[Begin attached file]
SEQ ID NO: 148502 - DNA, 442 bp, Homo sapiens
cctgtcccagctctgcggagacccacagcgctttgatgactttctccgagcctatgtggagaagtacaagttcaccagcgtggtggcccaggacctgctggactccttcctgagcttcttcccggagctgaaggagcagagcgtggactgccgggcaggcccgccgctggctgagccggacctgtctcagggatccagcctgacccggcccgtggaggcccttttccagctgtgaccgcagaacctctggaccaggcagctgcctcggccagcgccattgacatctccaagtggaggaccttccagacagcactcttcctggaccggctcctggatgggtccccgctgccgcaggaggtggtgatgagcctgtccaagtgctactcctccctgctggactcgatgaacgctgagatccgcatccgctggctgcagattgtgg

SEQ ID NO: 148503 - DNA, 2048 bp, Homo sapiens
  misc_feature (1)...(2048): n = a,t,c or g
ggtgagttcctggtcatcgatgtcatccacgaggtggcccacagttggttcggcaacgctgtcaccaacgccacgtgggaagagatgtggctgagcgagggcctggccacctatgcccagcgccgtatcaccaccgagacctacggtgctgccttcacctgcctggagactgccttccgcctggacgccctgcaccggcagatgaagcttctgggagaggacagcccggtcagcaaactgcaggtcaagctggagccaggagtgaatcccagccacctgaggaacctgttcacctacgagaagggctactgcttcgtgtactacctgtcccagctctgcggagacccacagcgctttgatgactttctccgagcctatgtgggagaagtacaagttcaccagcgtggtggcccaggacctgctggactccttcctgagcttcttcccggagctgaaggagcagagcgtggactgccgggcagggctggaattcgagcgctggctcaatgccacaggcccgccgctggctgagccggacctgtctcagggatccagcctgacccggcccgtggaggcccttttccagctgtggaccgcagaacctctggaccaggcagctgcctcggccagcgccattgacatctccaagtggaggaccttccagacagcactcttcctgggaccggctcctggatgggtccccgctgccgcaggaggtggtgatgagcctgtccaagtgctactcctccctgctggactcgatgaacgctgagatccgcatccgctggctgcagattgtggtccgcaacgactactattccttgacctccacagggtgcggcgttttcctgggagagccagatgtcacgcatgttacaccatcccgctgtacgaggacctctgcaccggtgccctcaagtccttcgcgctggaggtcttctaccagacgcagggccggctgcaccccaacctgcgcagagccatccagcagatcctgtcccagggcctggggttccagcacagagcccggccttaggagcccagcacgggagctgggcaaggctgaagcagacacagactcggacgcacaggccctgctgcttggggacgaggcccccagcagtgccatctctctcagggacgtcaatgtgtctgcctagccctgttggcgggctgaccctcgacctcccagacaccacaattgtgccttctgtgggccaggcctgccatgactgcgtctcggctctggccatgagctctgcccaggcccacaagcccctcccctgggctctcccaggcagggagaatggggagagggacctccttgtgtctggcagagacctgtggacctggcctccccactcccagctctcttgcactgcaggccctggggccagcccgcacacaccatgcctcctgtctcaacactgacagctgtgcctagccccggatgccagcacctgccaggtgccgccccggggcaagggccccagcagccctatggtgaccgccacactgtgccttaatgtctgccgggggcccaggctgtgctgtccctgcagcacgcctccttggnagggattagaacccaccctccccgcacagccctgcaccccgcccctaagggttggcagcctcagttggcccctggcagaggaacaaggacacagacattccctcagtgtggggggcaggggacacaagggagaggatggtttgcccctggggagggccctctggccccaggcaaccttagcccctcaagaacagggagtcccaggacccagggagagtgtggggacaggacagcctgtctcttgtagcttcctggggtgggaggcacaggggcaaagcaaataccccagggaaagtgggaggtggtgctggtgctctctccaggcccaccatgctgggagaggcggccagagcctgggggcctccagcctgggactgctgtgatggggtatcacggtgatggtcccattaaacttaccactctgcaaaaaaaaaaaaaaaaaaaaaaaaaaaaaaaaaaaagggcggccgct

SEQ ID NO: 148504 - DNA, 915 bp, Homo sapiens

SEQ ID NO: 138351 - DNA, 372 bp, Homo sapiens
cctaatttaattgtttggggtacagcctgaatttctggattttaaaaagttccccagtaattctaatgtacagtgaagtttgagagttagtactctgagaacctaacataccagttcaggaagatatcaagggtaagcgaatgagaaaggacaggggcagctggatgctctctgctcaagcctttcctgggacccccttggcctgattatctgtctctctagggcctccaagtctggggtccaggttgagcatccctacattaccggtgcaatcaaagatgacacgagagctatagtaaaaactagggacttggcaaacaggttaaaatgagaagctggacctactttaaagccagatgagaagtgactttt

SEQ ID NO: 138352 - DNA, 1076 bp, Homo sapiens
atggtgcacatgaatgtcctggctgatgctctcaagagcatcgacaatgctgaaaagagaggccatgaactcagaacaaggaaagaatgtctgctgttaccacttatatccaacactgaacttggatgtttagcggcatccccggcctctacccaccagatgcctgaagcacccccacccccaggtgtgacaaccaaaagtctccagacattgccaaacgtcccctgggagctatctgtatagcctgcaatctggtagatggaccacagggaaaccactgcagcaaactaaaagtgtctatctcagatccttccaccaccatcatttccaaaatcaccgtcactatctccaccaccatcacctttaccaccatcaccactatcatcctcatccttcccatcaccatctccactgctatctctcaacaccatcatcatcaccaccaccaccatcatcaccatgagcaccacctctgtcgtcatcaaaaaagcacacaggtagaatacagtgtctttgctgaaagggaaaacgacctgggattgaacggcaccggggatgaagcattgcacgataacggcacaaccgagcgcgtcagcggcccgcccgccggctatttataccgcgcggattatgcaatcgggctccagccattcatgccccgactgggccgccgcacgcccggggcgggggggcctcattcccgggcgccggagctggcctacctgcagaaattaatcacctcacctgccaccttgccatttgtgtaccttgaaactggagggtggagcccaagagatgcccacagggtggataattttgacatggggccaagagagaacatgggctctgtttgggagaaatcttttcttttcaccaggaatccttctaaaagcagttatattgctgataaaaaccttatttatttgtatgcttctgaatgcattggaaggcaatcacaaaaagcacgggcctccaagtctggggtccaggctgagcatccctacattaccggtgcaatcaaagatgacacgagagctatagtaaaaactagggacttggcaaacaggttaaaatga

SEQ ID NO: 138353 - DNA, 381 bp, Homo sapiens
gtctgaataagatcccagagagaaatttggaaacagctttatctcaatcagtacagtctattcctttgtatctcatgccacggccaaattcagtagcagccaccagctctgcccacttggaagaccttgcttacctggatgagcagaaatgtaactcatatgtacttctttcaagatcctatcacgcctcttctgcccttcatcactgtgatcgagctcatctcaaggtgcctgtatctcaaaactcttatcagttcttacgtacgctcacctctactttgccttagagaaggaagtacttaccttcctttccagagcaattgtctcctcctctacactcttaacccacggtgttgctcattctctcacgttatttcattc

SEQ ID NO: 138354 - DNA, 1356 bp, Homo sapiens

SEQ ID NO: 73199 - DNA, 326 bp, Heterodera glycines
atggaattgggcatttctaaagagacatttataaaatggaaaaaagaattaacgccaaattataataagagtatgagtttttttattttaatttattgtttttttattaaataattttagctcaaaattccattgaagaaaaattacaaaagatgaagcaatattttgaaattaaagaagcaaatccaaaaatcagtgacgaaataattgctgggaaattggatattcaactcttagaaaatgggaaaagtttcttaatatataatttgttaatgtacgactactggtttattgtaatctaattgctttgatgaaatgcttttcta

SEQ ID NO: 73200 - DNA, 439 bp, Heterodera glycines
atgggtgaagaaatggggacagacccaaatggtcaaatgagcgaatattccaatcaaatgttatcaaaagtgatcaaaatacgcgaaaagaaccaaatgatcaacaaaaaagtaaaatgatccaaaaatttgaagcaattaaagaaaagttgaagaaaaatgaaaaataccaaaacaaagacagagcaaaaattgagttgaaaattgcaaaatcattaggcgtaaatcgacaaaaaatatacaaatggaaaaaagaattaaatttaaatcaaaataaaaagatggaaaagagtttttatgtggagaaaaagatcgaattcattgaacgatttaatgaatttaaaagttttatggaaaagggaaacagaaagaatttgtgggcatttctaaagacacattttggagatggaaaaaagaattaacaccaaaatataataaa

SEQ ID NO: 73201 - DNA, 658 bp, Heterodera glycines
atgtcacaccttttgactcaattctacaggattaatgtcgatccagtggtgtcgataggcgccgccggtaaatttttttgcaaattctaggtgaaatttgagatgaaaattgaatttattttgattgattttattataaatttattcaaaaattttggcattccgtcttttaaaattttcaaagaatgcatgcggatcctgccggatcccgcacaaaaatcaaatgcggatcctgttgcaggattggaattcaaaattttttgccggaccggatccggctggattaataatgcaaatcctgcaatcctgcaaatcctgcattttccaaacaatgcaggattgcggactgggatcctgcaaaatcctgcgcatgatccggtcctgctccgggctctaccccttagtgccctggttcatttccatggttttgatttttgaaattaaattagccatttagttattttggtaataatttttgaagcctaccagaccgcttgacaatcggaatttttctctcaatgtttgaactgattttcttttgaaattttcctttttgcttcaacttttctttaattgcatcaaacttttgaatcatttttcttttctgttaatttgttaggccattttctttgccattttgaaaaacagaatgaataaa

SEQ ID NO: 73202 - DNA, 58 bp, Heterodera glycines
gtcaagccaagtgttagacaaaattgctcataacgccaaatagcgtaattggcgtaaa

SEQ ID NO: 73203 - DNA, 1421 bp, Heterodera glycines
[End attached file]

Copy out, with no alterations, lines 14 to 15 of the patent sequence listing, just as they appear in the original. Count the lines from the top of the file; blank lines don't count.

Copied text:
SEQ ID NO: 73199 - DNA, 326 bp, Heterodera glycines
atggaattgggcatttctaaagagacatttataaaatggaaaaaagaattaacgccaaattataataagagtatgagtttttttattttaatttattgtttttttattaaataattttagctcaaaattccattgaagaaaaattacaaaagatgaagcaatattttgaaattaaagaagcaaatccaaaaatcagtgacgaaataattgctgggaaattggatattcaactcttagaaaatgggaaaagtttcttaatatataatttgttaatgtacgactactggtttattgtaatctaattgctttgatgaaatgcttttcta